Report: Global Mobile App Market Worth $35 Million by 2014

December 15, 2010 -

Angry Birds is popular, and according to an analysis of sales of the popular app, it is the start of a new wave in the mobile app business, according to a new report from the International Data Corp. In its coverage of that report, ReadWriteWeb predicted that Mobile apps will grow from 10.9 billion downloads this year to 76.9 billion downloads in 2014.

ReadWriteWeb also predicts that the mobile application business will generate $35 billion in worldwide revenue.

The Angry Birds franchise has had 42 million downloads on multiple platforms including iOS, Android, Facebook, and more, according to developer Rovio.

The IDC report echoes the feelings of other analysts that predict substantial growth in the mobile app market.

"Mobile app developers will 'appify' just about every interaction you can think of in your physical and digital worlds," said Scott Ellison, vice president, Mobile and Wireless research at IDC. "The extension of mobile apps to every aspect of our personal and business lives will be one of the hallmarks of the new decade with enormous opportunities for virtually every business sector."

Sources: CBS News, ReadWriteWeb


Comments

Re: Report: Global Mobile App Market Worth $35 Million by ...

I just wish they would put a paid, ad-free version on Android Marketplace.  So sick of those ads, I would gladly pay a few bucks to eliminate them.

 
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Mattsworknamewarned about the scum there assoicating with. Looking at you GAWKER media07/28/2015 - 7:37pm
MattsworknameI think the only reason it was the first action was alot of people felt it was the only option that might have an actual impact. and to be honest, i don't see how they were exactly wrong. Plus, as recent events showed, soem times adverisers need to be07/28/2015 - 7:37pm
MattsworknameTo be honest, I was always kinda on edge about that, while I did not like that those news outlets had acted in the way theey did, i didn't like that we thought boycotting and advertiser attacks were the only recourse07/28/2015 - 7:36pm
MechaTama31And after AE questioned that same analogy, I described it as extreme hyperbole.07/28/2015 - 7:36pm
E. Zachary KnightMecha, The "bullying and threatening" thing is from an earlier shout by Matt. I asked you tht question because you compared the petition to someone threatening to shoot your child.07/28/2015 - 7:35pm
Andrew EisenBy the way, if anyone can see into alternate timelines, I've got $20 that says Target would have ignored the petition had it been presented at the game's launch instead of over a year later.07/28/2015 - 7:34pm
MechaTama31Write a "Gamers are Alive" article. Make a video highlighting positive things about games. Counter your opponent, don't try to silence them.07/28/2015 - 7:33pm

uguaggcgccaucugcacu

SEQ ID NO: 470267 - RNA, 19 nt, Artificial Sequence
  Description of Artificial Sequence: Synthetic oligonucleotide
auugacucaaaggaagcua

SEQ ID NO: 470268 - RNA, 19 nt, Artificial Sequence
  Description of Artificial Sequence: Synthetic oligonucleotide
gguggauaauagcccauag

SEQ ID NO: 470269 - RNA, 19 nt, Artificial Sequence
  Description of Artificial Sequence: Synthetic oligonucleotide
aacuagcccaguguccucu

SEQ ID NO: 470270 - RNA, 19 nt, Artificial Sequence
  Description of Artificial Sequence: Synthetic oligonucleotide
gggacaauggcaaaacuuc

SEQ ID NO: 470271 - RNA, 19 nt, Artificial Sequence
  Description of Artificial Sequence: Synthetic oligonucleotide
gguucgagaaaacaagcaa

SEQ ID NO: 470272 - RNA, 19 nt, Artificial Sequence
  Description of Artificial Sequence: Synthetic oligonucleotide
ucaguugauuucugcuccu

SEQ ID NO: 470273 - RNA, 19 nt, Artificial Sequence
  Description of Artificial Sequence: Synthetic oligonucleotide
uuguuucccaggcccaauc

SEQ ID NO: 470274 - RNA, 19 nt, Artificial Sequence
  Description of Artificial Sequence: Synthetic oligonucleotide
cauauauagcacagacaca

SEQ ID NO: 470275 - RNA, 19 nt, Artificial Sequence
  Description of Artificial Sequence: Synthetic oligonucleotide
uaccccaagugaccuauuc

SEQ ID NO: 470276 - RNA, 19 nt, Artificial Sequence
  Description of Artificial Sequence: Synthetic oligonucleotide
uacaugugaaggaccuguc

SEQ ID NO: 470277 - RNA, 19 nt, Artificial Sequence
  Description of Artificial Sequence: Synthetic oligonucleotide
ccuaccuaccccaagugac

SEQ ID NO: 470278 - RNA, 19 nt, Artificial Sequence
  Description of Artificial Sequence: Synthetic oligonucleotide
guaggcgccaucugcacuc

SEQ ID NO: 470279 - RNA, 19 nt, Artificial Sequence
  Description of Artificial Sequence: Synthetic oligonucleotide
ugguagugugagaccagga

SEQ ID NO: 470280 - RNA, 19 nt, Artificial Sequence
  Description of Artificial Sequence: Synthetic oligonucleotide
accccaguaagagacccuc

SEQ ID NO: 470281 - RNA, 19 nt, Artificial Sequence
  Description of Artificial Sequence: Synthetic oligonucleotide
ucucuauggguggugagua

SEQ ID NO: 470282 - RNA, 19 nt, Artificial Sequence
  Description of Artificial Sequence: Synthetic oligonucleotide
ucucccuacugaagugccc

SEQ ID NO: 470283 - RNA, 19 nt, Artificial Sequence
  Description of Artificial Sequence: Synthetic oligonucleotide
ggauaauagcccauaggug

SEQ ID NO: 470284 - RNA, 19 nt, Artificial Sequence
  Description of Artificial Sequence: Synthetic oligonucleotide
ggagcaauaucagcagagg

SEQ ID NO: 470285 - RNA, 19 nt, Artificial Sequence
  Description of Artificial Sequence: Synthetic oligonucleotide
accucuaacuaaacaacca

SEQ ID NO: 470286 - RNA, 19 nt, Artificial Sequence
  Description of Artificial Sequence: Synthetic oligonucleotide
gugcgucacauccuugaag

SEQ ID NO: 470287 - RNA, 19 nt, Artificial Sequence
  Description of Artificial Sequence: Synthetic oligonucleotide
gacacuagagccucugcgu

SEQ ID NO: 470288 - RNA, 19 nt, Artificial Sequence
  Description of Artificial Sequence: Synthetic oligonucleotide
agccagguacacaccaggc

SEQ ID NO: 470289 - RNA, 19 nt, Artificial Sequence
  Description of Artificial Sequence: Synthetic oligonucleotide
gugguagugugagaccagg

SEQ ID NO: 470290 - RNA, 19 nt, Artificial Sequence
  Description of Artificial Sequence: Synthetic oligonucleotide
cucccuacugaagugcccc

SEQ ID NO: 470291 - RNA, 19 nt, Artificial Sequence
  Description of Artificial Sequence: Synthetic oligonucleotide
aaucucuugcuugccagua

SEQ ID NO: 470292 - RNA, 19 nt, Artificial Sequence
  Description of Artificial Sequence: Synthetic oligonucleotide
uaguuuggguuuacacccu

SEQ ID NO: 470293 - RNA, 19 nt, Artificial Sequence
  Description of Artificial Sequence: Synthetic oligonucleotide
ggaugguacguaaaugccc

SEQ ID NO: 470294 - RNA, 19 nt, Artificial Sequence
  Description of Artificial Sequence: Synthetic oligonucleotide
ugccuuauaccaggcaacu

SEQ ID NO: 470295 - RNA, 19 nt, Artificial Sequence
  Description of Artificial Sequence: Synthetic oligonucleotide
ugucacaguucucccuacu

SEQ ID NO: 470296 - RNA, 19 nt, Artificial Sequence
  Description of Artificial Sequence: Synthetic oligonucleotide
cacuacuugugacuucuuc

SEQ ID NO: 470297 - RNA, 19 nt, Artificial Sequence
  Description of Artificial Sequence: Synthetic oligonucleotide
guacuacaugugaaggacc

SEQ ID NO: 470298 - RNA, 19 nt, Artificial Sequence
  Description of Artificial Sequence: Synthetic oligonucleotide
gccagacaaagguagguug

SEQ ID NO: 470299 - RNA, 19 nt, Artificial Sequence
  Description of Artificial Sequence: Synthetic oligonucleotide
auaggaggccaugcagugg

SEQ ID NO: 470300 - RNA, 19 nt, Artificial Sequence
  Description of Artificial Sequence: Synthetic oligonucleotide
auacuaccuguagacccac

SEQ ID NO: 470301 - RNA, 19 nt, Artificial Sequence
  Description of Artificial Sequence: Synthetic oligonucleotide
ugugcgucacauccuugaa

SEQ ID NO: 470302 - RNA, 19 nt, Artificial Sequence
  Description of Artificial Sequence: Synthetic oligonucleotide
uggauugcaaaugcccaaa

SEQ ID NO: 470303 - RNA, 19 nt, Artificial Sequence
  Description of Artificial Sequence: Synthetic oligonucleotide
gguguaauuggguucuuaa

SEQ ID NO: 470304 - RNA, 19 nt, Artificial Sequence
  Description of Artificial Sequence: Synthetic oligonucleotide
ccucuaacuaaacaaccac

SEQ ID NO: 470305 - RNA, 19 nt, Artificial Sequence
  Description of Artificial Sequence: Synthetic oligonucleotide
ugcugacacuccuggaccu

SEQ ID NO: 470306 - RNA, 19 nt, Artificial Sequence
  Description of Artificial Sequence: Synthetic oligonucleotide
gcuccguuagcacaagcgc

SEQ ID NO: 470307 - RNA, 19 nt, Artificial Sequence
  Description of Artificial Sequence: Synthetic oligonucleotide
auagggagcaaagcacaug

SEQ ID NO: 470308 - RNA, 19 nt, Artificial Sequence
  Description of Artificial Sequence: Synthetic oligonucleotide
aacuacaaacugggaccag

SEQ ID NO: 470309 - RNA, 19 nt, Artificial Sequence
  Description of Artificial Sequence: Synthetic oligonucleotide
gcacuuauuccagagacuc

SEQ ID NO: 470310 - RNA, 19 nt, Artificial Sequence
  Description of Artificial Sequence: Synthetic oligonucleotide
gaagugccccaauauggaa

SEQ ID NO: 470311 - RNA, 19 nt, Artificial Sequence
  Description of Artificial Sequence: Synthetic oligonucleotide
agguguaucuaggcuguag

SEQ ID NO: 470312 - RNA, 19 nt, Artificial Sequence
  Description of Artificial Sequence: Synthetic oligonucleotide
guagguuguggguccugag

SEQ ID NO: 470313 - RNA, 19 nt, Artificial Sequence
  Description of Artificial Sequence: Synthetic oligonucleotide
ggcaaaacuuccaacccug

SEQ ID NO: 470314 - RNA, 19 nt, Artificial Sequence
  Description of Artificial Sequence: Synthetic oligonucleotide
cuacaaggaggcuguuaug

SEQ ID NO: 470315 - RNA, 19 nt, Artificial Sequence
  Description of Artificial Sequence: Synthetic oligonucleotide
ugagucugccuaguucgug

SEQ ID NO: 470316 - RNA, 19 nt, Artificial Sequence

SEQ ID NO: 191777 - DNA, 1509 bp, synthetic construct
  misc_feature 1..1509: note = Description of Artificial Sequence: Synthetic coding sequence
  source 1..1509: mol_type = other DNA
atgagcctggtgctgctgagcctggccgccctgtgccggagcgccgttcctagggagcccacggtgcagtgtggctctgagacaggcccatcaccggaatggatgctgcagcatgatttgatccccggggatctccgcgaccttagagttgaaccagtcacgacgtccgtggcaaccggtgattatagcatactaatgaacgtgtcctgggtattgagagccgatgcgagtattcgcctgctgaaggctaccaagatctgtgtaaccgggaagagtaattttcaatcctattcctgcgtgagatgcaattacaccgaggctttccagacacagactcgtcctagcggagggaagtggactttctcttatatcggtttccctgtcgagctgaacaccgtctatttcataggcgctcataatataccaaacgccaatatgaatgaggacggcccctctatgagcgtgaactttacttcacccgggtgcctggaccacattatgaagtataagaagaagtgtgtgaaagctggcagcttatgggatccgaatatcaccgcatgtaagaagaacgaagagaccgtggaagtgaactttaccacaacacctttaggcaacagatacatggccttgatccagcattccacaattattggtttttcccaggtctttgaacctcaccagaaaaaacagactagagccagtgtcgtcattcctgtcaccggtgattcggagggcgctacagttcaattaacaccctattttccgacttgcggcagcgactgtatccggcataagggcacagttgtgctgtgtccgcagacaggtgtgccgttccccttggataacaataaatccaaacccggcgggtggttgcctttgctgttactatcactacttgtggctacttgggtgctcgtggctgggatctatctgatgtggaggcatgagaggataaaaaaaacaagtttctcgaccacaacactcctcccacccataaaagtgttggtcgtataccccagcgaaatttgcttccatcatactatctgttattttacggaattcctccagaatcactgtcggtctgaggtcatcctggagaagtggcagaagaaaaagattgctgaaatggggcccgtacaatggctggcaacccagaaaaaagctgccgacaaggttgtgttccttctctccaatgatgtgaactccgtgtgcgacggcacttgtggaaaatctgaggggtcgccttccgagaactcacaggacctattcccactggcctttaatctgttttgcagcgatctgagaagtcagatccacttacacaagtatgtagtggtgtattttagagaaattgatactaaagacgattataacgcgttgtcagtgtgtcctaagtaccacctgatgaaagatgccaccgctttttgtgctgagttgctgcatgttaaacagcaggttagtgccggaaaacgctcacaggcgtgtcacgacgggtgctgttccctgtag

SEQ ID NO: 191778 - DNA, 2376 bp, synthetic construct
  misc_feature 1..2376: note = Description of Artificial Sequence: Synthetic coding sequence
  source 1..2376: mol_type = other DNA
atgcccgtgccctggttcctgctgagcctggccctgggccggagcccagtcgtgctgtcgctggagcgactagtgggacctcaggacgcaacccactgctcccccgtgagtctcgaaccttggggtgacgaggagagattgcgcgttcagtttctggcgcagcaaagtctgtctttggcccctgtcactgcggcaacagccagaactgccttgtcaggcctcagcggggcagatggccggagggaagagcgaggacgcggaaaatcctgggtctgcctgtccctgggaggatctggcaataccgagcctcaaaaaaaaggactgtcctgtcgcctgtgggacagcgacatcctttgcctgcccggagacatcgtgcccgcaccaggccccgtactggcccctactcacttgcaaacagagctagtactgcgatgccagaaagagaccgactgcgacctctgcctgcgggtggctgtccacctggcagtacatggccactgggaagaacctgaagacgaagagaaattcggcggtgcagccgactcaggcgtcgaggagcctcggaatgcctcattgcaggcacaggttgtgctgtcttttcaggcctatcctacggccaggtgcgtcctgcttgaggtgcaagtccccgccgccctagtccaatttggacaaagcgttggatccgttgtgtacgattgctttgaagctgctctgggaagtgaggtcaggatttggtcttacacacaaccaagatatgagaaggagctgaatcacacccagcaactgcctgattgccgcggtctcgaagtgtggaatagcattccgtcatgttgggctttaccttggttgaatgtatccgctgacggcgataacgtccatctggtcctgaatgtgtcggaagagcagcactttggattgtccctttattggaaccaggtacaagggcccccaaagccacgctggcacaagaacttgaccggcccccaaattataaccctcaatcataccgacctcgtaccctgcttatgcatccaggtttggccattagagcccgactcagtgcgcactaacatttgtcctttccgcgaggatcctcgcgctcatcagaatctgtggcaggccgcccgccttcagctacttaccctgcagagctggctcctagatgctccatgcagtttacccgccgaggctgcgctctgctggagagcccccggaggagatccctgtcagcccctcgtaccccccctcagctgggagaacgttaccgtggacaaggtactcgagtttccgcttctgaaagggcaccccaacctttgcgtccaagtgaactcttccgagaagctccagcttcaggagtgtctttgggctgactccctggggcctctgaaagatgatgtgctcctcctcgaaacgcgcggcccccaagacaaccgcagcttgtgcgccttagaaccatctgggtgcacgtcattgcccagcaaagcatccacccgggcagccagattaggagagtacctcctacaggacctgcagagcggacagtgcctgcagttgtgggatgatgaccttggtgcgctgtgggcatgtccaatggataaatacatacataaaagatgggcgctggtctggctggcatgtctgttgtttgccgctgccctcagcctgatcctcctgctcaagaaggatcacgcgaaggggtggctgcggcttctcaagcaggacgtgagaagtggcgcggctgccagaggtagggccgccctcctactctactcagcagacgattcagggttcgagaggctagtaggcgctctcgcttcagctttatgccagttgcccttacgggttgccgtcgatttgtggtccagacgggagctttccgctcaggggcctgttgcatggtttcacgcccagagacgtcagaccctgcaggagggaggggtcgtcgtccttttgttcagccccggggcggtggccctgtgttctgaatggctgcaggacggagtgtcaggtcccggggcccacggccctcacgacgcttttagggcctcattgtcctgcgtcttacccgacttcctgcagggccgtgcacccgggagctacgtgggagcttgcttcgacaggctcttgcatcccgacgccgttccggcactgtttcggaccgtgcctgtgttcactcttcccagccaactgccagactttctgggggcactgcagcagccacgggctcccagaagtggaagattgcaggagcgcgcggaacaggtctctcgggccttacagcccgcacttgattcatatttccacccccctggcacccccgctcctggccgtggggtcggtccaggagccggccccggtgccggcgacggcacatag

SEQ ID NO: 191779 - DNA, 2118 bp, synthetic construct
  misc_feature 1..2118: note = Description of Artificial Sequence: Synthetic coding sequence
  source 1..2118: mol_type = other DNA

MechaTama31EZK: Who exactly are you quoting with "bullying and threatening"? But yes, I think attacking someone's livelihood because you disagree with their opinion is underhanded and damaging to discourse.07/28/2015 - 7:30pm
E. Zachary KnightOh no. A successful online petition could embolden people to do... what exactly? Do another online petition?07/28/2015 - 7:30pm
Andrew EisenToo bad the counter petition wasn't as popular. But again, yeah, it sucks. For the reasons I've stated over and over now.07/28/2015 - 7:29pm
MechaTama31otherwise want to.07/28/2015 - 7:27pm
MechaTama31AE: I mean like right and wrong, not like true and false. And even the perception that the petition worked could be damaging. It could embolden these types of people in the future, and make it less likely for a retailer to puch back even if they otherwi07/28/2015 - 7:27pm
Andrew EisenBut yes, it is a damn shame that Target decided to kowtow in this case, best business decision or not.07/28/2015 - 7:27pm
Andrew EisenNo one's free expression was impinged. Anyone is welcome to petition whatever they want. Anyone is free to counter petition (and did in this case). Target was free to make it's own decision on whether to continue to stock GTA V or not.07/28/2015 - 7:26pm
E. Zachary KnightMatt, Mecha, So, if a petition asking a store to not sell a game is "bullying and threatening" is a petition asking Intel to pull ads from Gamasutra "bullying and threatening"?07/28/2015 - 7:25pm
MattsworknameAndrew: The fact that it occured, not the reasons for it, is the bigger issue. That a small group like this, under any circumstances, could have that kind of impact, is a serious concern to anyone who values free expression07/28/2015 - 7:23pm
Andrew EisenMecha - As I already said, retailers always have to make that choice. This was just a factor influencing it.07/28/2015 - 7:21pm
Andrew EisenMecha - Yes, the petition was full of factual errors (something I've said repeatedly). And yes, I too don't agree with petitions that aim to remove something just so no one else can enjoy it.07/28/2015 - 7:21pm
MechaTama31AE: extreme hyperbole to illustrate my point, that it's not so much the choice they made, but the fact that they had to make the choice.07/28/2015 - 7:20pm
Andrew EisenMatt - I'm sure it was a factor but most media I saw that offered an opinion on the matter thought the petition was ill-timed bunk.07/28/2015 - 7:19pm
 

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